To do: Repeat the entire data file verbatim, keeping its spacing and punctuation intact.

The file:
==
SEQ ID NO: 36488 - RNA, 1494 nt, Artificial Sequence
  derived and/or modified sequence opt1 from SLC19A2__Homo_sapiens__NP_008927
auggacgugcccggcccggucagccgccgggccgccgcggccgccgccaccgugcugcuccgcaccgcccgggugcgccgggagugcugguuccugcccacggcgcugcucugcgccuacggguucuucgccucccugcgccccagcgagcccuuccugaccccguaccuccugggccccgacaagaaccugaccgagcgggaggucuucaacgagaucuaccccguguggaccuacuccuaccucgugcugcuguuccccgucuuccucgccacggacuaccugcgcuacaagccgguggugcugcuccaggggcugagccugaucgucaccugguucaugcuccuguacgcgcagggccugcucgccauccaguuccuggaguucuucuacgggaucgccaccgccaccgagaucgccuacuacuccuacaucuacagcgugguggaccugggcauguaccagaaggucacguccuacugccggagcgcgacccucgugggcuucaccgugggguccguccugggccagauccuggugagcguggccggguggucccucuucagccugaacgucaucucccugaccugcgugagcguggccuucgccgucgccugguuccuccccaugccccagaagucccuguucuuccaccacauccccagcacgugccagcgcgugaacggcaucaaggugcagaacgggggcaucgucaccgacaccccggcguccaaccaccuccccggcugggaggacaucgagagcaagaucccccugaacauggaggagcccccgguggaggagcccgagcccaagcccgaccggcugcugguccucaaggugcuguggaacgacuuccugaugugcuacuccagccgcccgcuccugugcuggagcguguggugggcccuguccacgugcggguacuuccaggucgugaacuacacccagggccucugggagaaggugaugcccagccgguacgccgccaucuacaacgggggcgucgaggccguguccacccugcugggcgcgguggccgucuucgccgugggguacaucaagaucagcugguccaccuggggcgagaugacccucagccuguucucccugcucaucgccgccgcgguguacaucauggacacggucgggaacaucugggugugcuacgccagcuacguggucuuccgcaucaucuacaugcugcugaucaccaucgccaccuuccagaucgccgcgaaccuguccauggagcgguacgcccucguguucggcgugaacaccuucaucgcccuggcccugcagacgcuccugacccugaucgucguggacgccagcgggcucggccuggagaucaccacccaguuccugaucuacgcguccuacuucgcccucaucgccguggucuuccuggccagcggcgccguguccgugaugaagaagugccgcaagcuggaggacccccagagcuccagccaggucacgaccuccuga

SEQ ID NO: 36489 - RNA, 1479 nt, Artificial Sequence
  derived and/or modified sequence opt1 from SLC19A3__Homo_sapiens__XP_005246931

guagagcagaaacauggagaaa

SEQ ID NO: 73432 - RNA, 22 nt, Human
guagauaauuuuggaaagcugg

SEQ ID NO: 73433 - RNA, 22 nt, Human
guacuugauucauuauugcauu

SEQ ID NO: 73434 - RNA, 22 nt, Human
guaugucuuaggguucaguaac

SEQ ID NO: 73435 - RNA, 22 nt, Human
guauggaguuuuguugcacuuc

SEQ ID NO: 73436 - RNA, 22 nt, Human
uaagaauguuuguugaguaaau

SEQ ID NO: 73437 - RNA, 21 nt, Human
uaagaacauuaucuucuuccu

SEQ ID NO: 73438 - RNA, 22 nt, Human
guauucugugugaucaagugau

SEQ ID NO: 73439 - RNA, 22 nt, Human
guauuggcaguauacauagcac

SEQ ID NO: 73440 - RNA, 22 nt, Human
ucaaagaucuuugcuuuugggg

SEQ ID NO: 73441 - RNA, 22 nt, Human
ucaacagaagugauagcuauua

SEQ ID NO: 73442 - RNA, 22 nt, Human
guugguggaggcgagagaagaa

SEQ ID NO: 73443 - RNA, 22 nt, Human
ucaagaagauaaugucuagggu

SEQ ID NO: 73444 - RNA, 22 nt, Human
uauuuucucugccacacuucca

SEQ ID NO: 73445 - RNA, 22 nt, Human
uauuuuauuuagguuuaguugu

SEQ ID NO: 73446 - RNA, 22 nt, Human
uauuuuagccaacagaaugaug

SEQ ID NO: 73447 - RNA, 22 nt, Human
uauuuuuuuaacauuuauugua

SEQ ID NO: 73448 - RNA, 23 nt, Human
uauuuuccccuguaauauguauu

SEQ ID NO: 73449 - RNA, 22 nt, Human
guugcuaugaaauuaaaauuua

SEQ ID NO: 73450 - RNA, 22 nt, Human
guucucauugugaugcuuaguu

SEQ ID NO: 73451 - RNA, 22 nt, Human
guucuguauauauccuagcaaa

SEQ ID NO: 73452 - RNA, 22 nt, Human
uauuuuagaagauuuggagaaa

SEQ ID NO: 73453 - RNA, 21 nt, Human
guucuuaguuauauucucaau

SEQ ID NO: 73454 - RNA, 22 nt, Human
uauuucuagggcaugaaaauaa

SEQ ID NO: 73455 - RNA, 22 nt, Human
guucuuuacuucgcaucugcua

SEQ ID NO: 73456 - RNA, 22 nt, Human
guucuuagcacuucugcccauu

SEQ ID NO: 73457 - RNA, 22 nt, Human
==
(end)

SEQ ID NO: 36488 - RNA, 1494 nt, Artificial Sequence
  derived and/or modified sequence opt1 from SLC19A2__Homo_sapiens__NP_008927
auggacgugcccggcccggucagccgccgggccgccgcggccgccgccaccgugcugcuccgcaccgcccgggugcgccgggagugcugguuccugcccacggcgcugcucugcgccuacggguucuucgccucccugcgccccagcgagcccuuccugaccccguaccuccugggccccgacaagaaccugaccgagcgggaggucuucaacgagaucuaccccguguggaccuacuccuaccucgugcugcuguuccccgucuuccucgccacggacuaccugcgcuacaagccgguggugcugcuccaggggcugagccugaucgucaccugguucaugcuccuguacgcgcagggccugcucgccauccaguuccuggaguucuucuacgggaucgccaccgccaccgagaucgccuacuacuccuacaucuacagcgugguggaccugggcauguaccagaaggucacguccuacugccggagcgcgacccucgugggcuucaccgugggguccguccugggccagauccuggugagcguggccggguggucccucuucagccugaacgucaucucccugaccugcgugagcguggccuucgccgucgccugguuccuccccaugccccagaagucccuguucuuccaccacauccccagcacgugccagcgcgugaacggcaucaaggugcagaacgggggcaucgucaccgacaccccggcguccaaccaccuccccggcugggaggacaucgagagcaagaucccccugaacauggaggagcccccgguggaggagcccgagcccaagcccgaccggcugcugguccucaaggugcuguggaacgacuuccugaugugcuacuccagccgcccgcuccugugcuggagcguguggugggcccuguccacgugcggguacuuccaggucgugaacuacacccagggccucugggagaaggugaugcccagccgguacgccgccaucuacaacgggggcgucgaggccguguccacccugcugggcgcgguggccgucuucgccgugggguacaucaagaucagcugguccaccuggggcgagaugacccucagccuguucucccugcucaucgccgccgcgguguacaucauggacacggucgggaacaucugggugugcuacgccagcuacguggucuuccgcaucaucuacaugcugcugaucaccaucgccaccuuccagaucgccgcgaaccuguccauggagcgguacgcccucguguucggcgugaacaccuucaucgcccuggcccugcagacgcuccugacccugaucgucguggacgccagcgggcucggccuggagaucaccacccaguuccugaucuacgcguccuacuucgcccucaucgccguggucuuccuggccagcggcgccguguccgugaugaagaagugccgcaagcuggaggacccccagagcuccagccaggucacgaccuccuga

SEQ ID NO: 36489 - RNA, 1479 nt, Artificial Sequence
  derived and/or modified sequence opt1 from SLC19A3__Homo_sapiens__XP_005246931

guagagcagaaacauggagaaa

SEQ ID NO: 73432 - RNA, 22 nt, Human
guagauaauuuuggaaagcugg

SEQ ID NO: 73433 - RNA, 22 nt, Human
guacuugauucauuauugcauu

SEQ ID NO: 73434 - RNA, 22 nt, Human
guaugucuuaggguucaguaac

SEQ ID NO: 73435 - RNA, 22 nt, Human
guauggaguuuuguugcacuuc

SEQ ID NO: 73436 - RNA, 22 nt, Human
uaagaauguuuguugaguaaau

SEQ ID NO: 73437 - RNA, 21 nt, Human
uaagaacauuaucuucuuccu

SEQ ID NO: 73438 - RNA, 22 nt, Human
guauucugugugaucaagugau

SEQ ID NO: 73439 - RNA, 22 nt, Human
guauuggcaguauacauagcac

SEQ ID NO: 73440 - RNA, 22 nt, Human
ucaaagaucuuugcuuuugggg

SEQ ID NO: 73441 - RNA, 22 nt, Human
ucaacagaagugauagcuauua

SEQ ID NO: 73442 - RNA, 22 nt, Human
guugguggaggcgagagaagaa

SEQ ID NO: 73443 - RNA, 22 nt, Human
ucaagaagauaaugucuagggu

SEQ ID NO: 73444 - RNA, 22 nt, Human
uauuuucucugccacacuucca

SEQ ID NO: 73445 - RNA, 22 nt, Human
uauuuuauuuagguuuaguugu

SEQ ID NO: 73446 - RNA, 22 nt, Human
uauuuuagccaacagaaugaug

SEQ ID NO: 73447 - RNA, 22 nt, Human
uauuuuuuuaacauuuauugua

SEQ ID NO: 73448 - RNA, 23 nt, Human
uauuuuccccuguaauauguauu

SEQ ID NO: 73449 - RNA, 22 nt, Human
guugcuaugaaauuaaaauuua

SEQ ID NO: 73450 - RNA, 22 nt, Human
guucucauugugaugcuuaguu

SEQ ID NO: 73451 - RNA, 22 nt, Human
guucuguauauauccuagcaaa

SEQ ID NO: 73452 - RNA, 22 nt, Human
uauuuuagaagauuuggagaaa

SEQ ID NO: 73453 - RNA, 21 nt, Human
guucuuaguuauauucucaau

SEQ ID NO: 73454 - RNA, 22 nt, Human
uauuucuagggcaugaaaauaa

SEQ ID NO: 73455 - RNA, 22 nt, Human
guucuuuacuucgcaucugcua

SEQ ID NO: 73456 - RNA, 22 nt, Human
guucuuagcacuucugcccauu

SEQ ID NO: 73457 - RNA, 22 nt, Human